Event Delivery on iOS: Part 3

We’ve reached the end of our journey through the event delivery system in iOS. Before we get into how target-action pattern works and how we can use some of the same API for sending custom events down the Responder Chain, let’s recap what’s been covered so far.

In Part 1, we examined how UIKit handles touch events with hit-testing and where gesture recognizers fit into the system. We also briefly looked at how the Responder Chain works with those touch events, including the path they follow to the view and view controller hierarchy.

In Part 2, we covered the remaining events defined in UIResponder and more about how the Responder Chain functions.

Target-Action

The target-action pattern is used heavily by UIKit. It’s defined in UIControl. Let’s take a look at a snippet of UIControl’s header.

NS_CLASS_AVAILABLE_IOS(2_0) @interface UIControl : UIView

----snip----

- (void)addTarget:(nullable id)target action:(SEL)action forControlEvents:(UIControlEvents)controlEvents;
- (void)removeTarget:(nullable id)target action:(nullable SEL)action forControlEvents:(UIControlEvents)controlEvents;

- (NSSet *)allTargets;
- (UIControlEvents)allControlEvents;
- (nullable NSArray<NSString *> *)actionsForTarget:(nullable id)target forControlEvent:(UIControlEvents)controlEvent;

- (void)sendAction:(SEL)action to:(nullable id)target forEvent:(nullable UIEvent *)event;
- (void)sendActionsForControlEvents:(UIControlEvents)controlEvents;

----snip----

These methods define the target-action pattern. The pattern lets us define an event to handle, a target to receive the event, and the action (message) to send to the target.

This decoupling of events and actions also lets us define multiple recipients for one or more actions. For more information about UIControl and the target-action pattern, check out Apple’s UIControl documentation.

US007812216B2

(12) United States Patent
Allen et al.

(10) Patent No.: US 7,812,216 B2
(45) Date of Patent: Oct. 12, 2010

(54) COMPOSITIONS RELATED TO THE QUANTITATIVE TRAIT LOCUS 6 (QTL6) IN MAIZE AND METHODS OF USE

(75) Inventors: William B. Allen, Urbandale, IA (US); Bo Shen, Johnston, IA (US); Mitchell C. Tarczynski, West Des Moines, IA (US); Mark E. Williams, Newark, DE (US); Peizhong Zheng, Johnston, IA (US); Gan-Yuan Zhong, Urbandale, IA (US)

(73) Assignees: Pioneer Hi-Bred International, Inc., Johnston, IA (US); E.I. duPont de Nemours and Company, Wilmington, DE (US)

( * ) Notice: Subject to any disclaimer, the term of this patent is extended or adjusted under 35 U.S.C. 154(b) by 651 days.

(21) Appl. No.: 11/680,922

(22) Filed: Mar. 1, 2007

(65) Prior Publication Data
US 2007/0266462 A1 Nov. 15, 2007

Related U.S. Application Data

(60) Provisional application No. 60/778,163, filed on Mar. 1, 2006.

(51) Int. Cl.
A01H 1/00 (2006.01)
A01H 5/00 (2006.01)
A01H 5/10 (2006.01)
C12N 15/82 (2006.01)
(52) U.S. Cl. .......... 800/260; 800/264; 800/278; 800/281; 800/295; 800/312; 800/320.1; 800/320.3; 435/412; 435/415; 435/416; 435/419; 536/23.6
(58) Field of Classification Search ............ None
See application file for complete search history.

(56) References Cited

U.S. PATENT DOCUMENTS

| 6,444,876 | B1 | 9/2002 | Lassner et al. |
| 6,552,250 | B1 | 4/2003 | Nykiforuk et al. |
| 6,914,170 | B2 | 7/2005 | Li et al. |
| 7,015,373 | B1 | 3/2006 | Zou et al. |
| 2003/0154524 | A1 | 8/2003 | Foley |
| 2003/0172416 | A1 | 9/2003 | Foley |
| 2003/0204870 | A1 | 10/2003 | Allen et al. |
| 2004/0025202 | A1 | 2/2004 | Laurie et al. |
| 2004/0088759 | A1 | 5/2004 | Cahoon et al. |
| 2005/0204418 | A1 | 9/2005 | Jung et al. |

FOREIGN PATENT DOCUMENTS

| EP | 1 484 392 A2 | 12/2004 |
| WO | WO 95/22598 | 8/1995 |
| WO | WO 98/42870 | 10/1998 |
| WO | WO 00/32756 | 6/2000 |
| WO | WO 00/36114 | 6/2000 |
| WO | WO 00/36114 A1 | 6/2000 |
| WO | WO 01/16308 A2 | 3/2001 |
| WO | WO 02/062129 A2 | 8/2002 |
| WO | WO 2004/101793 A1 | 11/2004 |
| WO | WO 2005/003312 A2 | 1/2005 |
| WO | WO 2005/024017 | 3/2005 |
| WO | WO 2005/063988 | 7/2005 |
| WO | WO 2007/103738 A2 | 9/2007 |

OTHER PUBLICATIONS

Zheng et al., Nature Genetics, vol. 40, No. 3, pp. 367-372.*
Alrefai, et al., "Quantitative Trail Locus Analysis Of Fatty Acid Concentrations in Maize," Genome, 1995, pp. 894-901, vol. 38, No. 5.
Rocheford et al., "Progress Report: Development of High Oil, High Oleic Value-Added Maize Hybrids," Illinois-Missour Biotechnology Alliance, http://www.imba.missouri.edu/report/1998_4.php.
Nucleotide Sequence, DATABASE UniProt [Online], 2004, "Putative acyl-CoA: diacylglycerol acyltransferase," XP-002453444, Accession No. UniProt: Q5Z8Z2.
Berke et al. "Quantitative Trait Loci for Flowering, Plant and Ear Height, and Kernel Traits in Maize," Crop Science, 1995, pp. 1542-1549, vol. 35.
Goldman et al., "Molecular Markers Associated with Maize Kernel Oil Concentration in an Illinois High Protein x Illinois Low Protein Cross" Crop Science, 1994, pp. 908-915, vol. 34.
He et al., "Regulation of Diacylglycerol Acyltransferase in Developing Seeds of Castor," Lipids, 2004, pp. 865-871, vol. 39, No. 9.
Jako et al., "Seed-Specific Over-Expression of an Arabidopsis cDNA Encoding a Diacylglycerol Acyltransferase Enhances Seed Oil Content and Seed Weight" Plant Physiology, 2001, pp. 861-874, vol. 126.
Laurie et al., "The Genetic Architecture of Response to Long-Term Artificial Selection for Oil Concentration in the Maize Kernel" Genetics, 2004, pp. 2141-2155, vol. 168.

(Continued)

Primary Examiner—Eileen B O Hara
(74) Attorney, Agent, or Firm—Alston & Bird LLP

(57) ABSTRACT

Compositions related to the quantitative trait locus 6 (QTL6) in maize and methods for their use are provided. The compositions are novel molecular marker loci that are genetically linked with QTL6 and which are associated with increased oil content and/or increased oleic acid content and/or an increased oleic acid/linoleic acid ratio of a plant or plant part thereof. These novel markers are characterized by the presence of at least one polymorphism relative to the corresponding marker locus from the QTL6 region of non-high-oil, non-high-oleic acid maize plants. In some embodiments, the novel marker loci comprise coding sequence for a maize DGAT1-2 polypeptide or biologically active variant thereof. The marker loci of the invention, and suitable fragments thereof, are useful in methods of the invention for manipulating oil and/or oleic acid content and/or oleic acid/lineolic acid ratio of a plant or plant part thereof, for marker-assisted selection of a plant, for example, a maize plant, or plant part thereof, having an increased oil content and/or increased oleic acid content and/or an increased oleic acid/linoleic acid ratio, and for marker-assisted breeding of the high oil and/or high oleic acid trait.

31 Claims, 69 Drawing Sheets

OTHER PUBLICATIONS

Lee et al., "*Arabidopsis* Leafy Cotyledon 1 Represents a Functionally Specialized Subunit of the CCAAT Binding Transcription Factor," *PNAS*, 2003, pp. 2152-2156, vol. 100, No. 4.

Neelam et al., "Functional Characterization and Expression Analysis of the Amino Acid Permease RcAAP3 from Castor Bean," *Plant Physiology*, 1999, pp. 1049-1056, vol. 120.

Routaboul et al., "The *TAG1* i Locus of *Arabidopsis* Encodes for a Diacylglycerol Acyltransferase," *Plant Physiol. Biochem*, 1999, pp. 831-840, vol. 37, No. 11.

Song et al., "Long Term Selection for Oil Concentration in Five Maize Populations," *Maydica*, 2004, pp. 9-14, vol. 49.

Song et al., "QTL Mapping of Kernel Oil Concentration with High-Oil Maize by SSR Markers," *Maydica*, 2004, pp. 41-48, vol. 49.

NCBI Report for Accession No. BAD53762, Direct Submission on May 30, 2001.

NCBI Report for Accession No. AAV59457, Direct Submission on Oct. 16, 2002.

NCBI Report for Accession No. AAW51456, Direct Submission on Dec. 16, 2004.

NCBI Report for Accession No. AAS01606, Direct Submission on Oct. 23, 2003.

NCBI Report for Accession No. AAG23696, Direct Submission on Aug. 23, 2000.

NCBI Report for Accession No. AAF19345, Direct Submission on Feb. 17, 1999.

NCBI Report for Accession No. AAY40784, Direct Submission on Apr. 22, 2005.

So where does this fit in with event delivery? Currently, UIControl sends actions with a call trace that looks similar to this:

frame #0:-[BPXLTableViewCell cellButtonTapped:]
frame #1:-[UIApplication sendAction:to:from:forEvent:]
frame #2:-[UIControl sendAction:to:forEvent:]
frame #3:-[UIControl _sendActionsForEvents:withEvent:]
frame #4:-[UIControl touchesEnded:withEvent:]
frame #5:_UIGestureEnvironmentSortAndSendDelayedTouches
---snip---

The important API call here is -[UIApplication sendAction:to:from:forEvent]. In this case, the control is sending the appropriate action to the appropriate targets based on the event coming into the control. Setting up a nil target for an action on a UIControl winds up passing nil in the to: parameter on the -[UIApplication sendAction:to:from:forEvent] call. This is referred to as a nil-targeted action.

Nil-Targeted Actions

-[UIApplication sendAction:to:from:forEvent] is the method that takes care of sending an action to a given target. UIControl uses it for its control event handling. It can also be used to send arbitrary actions to arbitrary objects. The real power comes from the ability to pass nil as the to: parameter. This causes the action to get sent down the Responder Chain.

There is a convention for the types of actions you can send, however. The action messages you can send have to have one of the following signatures:

- (void) action
- (void) action:(id) sender
- (void) action:(id) sender forEvent:(UIEvent *) event

With this knowledge, let’s take a look at how to use a nil-targeted action in an app.

In Practice

We’re going to look at the same app implemented in both Objective-C and Swift. To get started, clone the GitHub repository. The app itself looks like this:

As you can see, the app consists of a table view that shows a list of items. Each cell has a button that lets the user change the title of the navigation bar. This could easily be implemented with a delegate on the cell and the view controller set as the cell’s delegate. But that could be problematic as the view controller may not be the responder of a given message. The cell may need to send an action one or even two levels up the hierarchy if the table view is nested a few layers deep with view controller containment. Here’s a pretty straightforward cell implementation:

@implementation BPXLTableViewCell

+ (NSString *) reuseIdentifier {
return NSStringFromClass([self class]);
}

- (void) configureWithTitle:(NSString *) title {
self.titleLabel.text = title;
}

- (IBAction)cellButtonTapped:(id)sender {
BPXLEvent *event = [[BPXLEvent alloc] init];
event.title = self.titleLabel.text;

[[UIApplication sharedApplication]
sendAction:@selector(updateTitle:forEvent:)
to:nil
from:self
forEvent:event];
}
@end

The interesting bits happen in cellButtonTapped:. Here, we create a BPXLEvent defined as such: